Now six months later, the Institute for Economics and Peace perches the Pine Tree State in peak position as the #1 Most Peaceful in the US.  ‘The Way Life Should Be,’ the state tagline, is cliche for a reason.  Peace.  Stillness.  Ah, yes.  Shhh.. listen.

**ribbet ** ribbet ** ribbet **

Does this mean that economic enterprise and peacefulness are at odds?  Mutually exclusive?

I’ve had a long, snowy winter to contemplate this.  My ear’s better attuned now to groundswell and scuttle.  So much gets drowned out in our technolife, but November to April in the Northeast is like being on silent retreat – aside from the chainsaws, listening to Labor Mural dramas on WERU, and Democracy Now’s Amy Goodman report on waves of change in the Middle East and waves of destruction in Japan.  It’s mostly tranquil here – a grand environment to ponder and listen.  And listen I do.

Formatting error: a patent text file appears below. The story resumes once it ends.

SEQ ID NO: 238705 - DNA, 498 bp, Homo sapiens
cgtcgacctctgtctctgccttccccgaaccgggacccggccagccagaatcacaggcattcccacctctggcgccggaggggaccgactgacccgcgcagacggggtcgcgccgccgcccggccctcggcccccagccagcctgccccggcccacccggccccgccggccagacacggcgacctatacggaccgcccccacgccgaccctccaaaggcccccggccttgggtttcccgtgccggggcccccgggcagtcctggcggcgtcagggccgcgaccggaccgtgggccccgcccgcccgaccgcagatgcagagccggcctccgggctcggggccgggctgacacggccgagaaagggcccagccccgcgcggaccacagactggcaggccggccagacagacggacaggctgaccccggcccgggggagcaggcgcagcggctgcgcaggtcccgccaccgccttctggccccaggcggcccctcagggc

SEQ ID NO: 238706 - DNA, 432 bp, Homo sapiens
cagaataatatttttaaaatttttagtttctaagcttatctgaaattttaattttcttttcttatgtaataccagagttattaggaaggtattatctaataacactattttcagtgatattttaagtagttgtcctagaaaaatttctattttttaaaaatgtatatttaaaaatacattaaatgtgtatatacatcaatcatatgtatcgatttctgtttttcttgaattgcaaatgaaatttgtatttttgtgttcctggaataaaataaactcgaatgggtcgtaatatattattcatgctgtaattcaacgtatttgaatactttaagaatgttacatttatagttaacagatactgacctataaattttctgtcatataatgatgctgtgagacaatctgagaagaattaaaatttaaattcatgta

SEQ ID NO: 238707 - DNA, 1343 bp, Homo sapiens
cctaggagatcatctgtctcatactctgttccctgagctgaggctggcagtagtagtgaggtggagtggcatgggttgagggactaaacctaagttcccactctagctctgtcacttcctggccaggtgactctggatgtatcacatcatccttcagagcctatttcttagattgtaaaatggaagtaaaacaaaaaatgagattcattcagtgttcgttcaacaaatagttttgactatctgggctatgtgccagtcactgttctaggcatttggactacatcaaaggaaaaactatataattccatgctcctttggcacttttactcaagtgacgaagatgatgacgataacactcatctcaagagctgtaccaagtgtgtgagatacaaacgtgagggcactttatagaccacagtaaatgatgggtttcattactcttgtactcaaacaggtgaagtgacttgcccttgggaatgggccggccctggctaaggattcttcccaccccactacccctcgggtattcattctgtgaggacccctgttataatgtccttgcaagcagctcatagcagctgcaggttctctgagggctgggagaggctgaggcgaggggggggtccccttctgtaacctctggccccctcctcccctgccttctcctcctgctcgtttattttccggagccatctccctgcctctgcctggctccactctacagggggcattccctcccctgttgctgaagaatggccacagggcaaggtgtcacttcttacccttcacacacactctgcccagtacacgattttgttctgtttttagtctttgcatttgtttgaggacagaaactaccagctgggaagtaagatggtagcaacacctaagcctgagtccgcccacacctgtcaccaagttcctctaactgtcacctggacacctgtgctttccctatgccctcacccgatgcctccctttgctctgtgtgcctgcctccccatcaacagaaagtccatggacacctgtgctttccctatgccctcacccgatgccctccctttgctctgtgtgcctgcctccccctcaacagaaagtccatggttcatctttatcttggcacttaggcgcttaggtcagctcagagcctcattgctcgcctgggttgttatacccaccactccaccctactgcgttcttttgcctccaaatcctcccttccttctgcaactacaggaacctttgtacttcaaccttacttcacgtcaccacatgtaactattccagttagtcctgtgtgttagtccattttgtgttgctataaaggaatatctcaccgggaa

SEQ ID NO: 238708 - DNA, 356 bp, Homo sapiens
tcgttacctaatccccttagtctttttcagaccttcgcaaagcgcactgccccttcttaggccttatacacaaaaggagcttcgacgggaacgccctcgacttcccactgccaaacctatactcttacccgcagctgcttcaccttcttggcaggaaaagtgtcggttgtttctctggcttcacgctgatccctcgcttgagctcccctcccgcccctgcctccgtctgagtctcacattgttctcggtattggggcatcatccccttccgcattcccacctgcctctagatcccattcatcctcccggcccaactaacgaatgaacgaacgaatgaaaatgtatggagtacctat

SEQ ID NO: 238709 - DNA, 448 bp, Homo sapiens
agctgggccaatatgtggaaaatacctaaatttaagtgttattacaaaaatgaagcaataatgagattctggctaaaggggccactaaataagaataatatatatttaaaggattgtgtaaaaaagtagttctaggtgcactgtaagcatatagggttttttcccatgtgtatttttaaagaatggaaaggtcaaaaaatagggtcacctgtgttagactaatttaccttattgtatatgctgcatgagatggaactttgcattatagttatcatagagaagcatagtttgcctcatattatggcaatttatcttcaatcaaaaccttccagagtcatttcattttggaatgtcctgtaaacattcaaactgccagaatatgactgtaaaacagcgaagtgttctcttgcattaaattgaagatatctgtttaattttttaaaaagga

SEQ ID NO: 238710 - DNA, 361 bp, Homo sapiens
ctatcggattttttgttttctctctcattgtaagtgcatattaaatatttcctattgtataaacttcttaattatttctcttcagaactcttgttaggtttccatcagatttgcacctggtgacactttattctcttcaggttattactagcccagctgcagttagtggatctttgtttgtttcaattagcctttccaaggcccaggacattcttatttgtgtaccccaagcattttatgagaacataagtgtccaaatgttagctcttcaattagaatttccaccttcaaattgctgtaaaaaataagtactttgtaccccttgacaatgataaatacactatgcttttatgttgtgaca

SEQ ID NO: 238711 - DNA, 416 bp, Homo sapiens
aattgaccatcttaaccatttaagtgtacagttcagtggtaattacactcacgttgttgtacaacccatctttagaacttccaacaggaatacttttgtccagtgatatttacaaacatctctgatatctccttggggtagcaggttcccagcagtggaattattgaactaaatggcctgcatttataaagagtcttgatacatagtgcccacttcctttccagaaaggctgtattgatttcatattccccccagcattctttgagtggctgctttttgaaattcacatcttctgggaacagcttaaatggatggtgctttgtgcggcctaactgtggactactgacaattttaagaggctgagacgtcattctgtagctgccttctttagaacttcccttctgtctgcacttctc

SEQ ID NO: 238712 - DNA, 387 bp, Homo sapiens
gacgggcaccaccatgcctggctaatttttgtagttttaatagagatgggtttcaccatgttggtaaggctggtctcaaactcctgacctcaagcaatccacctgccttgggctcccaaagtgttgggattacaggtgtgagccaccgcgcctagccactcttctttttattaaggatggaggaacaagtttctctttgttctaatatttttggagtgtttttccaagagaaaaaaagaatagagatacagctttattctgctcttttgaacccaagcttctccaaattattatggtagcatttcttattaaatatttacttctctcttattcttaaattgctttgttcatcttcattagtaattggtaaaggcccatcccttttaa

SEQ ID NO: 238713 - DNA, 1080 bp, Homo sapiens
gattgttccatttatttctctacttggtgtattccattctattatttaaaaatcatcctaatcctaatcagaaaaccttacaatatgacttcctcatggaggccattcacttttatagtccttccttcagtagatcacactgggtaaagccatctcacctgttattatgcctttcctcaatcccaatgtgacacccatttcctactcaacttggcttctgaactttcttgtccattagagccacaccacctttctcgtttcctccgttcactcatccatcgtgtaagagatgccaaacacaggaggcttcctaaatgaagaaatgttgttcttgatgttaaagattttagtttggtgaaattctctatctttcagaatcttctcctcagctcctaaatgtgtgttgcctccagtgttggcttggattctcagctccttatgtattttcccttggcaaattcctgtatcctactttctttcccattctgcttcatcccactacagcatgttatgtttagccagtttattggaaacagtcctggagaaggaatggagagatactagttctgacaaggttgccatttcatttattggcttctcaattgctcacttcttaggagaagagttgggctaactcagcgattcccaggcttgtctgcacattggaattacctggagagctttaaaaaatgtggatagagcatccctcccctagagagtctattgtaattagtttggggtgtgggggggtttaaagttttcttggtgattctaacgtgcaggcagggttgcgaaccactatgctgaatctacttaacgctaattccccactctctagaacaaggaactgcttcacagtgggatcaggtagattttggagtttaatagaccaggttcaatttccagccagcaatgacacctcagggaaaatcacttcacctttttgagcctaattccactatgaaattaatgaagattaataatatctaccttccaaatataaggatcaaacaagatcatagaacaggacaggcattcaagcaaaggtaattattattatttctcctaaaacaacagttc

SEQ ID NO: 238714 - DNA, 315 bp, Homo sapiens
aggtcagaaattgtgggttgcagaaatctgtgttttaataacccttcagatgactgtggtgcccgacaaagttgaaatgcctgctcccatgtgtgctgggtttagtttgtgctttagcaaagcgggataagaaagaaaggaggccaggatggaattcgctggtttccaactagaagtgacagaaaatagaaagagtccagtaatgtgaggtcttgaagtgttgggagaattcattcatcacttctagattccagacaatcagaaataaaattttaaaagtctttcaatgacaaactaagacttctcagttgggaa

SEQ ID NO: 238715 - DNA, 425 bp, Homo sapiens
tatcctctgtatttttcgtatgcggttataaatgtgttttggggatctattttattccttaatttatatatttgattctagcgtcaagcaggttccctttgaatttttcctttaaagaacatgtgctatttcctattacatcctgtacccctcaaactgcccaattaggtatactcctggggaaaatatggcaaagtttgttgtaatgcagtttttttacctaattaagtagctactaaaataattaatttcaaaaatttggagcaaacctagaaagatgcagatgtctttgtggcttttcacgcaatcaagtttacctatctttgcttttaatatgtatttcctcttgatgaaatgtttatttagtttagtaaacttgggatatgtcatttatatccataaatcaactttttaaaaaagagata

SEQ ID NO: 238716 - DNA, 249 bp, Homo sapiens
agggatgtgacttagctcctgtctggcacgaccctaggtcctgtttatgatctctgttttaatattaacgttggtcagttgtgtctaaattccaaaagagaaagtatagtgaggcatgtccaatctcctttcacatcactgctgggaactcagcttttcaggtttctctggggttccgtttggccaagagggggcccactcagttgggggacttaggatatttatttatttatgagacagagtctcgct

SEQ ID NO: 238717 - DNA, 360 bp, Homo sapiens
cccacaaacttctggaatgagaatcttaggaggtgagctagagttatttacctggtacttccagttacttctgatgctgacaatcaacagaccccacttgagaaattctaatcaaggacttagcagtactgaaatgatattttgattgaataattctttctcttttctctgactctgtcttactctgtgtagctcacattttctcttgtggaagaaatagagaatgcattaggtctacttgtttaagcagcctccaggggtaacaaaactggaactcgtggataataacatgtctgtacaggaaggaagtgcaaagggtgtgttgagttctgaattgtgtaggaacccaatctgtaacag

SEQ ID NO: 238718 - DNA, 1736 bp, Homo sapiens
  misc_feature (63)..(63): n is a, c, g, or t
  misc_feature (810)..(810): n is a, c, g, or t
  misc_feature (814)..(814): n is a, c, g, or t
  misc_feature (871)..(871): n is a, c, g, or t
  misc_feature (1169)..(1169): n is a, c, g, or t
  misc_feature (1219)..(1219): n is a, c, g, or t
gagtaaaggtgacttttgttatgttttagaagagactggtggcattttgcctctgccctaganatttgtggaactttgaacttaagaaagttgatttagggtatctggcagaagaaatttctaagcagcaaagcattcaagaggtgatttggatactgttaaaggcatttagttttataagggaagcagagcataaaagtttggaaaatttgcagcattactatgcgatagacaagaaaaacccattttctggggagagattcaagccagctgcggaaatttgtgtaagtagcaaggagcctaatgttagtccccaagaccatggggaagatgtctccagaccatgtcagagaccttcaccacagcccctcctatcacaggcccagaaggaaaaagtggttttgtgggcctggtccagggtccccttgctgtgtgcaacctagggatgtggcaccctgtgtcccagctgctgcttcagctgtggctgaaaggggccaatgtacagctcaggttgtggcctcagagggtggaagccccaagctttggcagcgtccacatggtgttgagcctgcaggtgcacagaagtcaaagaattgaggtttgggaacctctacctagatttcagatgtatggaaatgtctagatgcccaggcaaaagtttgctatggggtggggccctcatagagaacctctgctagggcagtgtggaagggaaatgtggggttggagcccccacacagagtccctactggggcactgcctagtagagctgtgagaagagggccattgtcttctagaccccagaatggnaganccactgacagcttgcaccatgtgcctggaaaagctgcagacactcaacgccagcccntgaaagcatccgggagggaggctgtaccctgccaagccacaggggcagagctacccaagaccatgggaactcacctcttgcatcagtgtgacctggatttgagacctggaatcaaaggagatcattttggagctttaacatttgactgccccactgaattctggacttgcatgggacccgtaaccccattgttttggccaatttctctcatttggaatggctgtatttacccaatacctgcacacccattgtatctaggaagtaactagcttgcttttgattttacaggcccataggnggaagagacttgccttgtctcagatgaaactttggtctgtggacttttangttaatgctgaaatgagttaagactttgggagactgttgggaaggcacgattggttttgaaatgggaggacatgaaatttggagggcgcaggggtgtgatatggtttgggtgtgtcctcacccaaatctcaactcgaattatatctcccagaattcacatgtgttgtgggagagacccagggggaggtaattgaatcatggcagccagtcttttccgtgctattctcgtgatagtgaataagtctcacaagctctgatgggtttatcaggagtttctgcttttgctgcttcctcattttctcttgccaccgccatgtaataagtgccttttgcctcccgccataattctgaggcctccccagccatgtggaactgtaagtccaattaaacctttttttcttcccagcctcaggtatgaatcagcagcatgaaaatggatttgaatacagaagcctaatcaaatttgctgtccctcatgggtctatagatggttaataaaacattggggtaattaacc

Seems the more we pare down, the richer life gets.  By reducing noise and distraction, one of my primary goals for leaving the city – (Who can write there anyway?  Well, except for Jonathan Franzen, Rick Moody, Colson Whitehead and, oh – never mind.  Focus, Kellie, focus.), I’ve gained a keen ear.  By tuning into ever-sensitized wavelengths, I’ve gained endless wisdom, all locked in a virtual Maine zip file.  I hear the messages of prophets everywhere:  in the peeping frogs in vernal pools near Lucia’s Beach,  in the profundities of seemingly mundane chats with new friends, in the warning calls of hawks, as they spy prey below, running on battened-down earth.  I hear it in my own words, even, when they’re reflected back to me;  funny, I often miss them the first time out.

But for all the halcyon moments, impatient desires rustle and poke at my new peace.  I WANT to be busy.  Isn’t activity essential this season?  My mind is fertile with ideas and wanderlust.  I want to strap on stilts, take this expanding me out for a stroll with purpose – I want my steps to cover ten times as much ground as they did before.  I want to move like a giant, calling up the wind like The Alchemist, and sweep away everything not rooted down.  The earth is shifting so wide and deep, down to its mantle, and loosening what’s on the surface.  The blasting sandstorm, the blizzard, the waves are all churning and eroding.  I, too, am shedding and recalibrating.